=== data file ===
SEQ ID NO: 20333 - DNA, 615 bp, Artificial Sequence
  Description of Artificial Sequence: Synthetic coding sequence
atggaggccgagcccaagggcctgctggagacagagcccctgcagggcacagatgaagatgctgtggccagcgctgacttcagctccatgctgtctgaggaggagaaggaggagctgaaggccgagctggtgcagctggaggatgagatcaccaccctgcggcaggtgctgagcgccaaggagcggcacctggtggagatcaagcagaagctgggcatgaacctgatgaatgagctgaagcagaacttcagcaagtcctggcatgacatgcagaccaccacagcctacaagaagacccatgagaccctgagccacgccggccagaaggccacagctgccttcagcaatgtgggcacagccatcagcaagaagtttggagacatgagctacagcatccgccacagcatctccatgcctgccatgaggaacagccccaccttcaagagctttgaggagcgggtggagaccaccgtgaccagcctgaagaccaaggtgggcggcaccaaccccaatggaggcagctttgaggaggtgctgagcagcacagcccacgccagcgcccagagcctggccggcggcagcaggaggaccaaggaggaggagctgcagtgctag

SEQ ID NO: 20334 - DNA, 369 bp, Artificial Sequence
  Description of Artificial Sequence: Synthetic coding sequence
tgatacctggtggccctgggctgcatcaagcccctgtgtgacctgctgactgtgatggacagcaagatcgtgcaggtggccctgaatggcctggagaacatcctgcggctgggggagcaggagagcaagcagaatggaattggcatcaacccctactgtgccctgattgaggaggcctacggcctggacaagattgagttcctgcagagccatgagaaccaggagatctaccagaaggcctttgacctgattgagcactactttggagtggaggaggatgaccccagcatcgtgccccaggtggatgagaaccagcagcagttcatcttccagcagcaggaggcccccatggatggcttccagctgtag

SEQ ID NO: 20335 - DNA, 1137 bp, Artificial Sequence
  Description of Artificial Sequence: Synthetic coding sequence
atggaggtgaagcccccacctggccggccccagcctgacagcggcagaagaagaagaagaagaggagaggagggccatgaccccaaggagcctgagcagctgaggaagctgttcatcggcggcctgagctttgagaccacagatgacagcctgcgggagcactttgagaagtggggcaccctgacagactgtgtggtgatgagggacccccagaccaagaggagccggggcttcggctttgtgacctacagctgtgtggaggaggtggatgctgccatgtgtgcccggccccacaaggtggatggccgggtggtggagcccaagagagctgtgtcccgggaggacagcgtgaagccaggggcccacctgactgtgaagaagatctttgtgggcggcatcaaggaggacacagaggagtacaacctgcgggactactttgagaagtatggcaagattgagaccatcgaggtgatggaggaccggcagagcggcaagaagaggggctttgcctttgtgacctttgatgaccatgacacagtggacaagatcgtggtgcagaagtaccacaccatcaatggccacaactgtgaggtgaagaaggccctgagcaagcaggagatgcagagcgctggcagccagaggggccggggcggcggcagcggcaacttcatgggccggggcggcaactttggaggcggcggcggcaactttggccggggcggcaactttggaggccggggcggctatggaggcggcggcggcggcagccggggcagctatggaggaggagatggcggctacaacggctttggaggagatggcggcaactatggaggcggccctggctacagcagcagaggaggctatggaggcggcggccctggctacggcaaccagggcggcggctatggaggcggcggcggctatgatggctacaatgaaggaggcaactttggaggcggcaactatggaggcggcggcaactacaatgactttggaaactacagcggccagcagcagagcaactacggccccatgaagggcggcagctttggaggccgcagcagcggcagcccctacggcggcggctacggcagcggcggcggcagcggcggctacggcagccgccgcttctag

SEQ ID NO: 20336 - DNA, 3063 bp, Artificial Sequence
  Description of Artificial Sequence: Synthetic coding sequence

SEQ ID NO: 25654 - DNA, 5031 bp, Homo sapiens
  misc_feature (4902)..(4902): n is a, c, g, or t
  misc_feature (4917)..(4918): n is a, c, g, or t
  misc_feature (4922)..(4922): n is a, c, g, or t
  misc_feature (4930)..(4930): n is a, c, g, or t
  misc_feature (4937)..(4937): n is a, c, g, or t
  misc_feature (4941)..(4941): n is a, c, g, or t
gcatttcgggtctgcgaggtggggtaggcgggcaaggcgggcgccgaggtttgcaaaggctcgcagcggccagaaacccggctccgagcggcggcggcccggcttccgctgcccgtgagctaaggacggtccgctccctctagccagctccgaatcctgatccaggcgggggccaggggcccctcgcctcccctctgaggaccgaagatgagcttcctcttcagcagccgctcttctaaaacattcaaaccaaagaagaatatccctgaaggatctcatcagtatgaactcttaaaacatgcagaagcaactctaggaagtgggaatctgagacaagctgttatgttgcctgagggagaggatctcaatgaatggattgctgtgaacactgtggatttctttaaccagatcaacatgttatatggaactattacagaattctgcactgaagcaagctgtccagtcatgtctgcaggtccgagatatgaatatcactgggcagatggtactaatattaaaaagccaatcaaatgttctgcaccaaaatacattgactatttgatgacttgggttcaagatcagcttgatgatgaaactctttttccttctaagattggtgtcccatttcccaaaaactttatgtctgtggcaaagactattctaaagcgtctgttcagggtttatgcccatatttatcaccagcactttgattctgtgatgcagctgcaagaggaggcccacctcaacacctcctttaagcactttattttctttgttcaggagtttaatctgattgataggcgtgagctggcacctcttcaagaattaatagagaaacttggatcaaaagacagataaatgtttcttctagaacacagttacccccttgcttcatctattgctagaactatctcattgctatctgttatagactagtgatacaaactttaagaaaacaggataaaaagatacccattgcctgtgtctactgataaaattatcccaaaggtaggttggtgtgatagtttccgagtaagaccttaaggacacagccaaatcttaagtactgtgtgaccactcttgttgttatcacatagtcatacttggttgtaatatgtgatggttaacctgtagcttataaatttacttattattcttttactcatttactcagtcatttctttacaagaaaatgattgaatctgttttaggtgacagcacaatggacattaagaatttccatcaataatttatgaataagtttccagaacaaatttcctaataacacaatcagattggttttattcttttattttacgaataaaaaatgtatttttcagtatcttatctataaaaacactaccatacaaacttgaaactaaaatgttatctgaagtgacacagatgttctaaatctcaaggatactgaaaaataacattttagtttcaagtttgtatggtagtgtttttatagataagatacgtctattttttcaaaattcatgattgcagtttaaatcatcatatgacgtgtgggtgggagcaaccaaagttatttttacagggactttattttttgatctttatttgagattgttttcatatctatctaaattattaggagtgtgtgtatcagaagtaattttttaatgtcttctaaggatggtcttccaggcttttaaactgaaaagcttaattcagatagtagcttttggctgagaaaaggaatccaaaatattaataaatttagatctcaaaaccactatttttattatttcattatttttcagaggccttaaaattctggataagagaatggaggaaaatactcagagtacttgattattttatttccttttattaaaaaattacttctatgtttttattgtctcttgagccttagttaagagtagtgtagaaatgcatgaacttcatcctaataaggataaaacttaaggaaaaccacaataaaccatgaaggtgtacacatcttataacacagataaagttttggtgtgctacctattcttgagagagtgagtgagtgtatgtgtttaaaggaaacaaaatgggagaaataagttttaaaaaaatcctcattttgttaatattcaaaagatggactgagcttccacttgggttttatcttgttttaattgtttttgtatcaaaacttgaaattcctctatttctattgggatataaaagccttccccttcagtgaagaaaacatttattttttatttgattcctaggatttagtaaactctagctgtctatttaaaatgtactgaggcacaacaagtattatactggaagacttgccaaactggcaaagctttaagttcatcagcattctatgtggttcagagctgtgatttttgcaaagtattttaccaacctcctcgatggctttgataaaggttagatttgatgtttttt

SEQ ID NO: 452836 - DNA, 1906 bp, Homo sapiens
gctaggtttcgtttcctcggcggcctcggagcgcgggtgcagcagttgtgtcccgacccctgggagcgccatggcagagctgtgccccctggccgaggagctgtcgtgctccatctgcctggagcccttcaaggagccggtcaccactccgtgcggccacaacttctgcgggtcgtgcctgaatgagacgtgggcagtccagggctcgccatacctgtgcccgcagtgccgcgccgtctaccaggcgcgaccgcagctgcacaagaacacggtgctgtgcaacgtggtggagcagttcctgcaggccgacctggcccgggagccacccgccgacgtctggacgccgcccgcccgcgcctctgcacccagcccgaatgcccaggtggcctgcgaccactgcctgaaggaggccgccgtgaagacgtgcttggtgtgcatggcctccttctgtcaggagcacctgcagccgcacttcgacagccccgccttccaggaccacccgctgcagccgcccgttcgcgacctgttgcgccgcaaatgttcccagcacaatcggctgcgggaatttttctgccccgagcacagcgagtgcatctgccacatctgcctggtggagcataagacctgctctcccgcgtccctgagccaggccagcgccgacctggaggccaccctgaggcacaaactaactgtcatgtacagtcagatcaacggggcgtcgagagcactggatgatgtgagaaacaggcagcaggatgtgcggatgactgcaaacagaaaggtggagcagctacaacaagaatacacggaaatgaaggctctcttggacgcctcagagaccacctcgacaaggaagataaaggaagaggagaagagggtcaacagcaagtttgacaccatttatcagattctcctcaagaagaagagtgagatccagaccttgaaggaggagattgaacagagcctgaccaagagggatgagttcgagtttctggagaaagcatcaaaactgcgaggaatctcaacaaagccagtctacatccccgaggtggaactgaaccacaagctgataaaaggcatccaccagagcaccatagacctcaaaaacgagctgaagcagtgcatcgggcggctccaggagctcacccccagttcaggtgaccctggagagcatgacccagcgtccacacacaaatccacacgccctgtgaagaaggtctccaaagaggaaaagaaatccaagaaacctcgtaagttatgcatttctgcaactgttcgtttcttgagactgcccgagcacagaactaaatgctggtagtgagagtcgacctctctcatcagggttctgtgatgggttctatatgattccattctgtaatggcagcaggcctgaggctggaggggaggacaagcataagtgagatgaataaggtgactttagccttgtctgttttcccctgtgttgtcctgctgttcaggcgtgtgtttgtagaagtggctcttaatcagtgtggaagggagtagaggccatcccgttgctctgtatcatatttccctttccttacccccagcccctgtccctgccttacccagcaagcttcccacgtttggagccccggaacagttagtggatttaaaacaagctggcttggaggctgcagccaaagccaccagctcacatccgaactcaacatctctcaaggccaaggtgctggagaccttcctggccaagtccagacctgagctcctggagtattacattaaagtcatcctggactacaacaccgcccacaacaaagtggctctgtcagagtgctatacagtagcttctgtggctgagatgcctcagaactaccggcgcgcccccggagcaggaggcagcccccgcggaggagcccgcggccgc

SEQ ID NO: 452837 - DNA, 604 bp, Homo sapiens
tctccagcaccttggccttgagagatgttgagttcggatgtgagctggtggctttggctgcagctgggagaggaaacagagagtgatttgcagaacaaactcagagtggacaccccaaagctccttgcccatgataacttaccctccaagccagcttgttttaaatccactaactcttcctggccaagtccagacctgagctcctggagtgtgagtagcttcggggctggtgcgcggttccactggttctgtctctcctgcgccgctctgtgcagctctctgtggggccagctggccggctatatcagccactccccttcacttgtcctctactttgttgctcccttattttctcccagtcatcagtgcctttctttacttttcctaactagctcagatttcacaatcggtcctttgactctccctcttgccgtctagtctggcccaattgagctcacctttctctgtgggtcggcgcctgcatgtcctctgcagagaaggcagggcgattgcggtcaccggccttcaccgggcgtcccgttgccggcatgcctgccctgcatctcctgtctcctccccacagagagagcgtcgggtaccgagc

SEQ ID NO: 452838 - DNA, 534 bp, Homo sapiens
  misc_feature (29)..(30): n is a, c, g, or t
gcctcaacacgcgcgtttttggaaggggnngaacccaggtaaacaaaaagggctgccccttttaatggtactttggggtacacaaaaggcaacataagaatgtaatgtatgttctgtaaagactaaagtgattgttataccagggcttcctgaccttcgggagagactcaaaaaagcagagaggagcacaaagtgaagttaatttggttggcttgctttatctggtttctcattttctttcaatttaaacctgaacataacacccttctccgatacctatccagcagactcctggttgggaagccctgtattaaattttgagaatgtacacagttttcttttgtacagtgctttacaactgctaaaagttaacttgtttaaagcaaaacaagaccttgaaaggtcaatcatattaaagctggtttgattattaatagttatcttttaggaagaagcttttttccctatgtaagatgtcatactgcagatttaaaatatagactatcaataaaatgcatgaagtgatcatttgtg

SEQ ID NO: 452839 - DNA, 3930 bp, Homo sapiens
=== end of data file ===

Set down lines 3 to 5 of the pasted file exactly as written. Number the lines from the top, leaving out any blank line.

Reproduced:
atggaggccgagcccaagggcctgctggagacagagcccctgcagggcacagatgaagatgctgtggccagcgctgacttcagctccatgctgtctgaggaggagaaggaggagctgaaggccgagctggtgcagctggaggatgagatcaccaccctgcggcaggtgctgagcgccaaggagcggcacctggtggagatcaagcagaagctgggcatgaacctgatgaatgagctgaagcagaacttcagcaagtcctggcatgacatgcagaccaccacagcctacaagaagacccatgagaccctgagccacgccggccagaaggccacagctgccttcagcaatgtgggcacagccatcagcaagaagtttggagacatgagctacagcatccgccacagcatctccatgcctgccatgaggaacagccccaccttcaagagctttgaggagcgggtggagaccaccgtgaccagcctgaagaccaaggtgggcggcaccaaccccaatggaggcagctttgaggaggtgctgagcagcacagcccacgccagcgcccagagcctggccggcggcagcaggaggaccaaggaggaggagctgcagtgctag

SEQ ID NO: 20334 - DNA, 369 bp, Artificial Sequence
  Description of Artificial Sequence: Synthetic coding sequence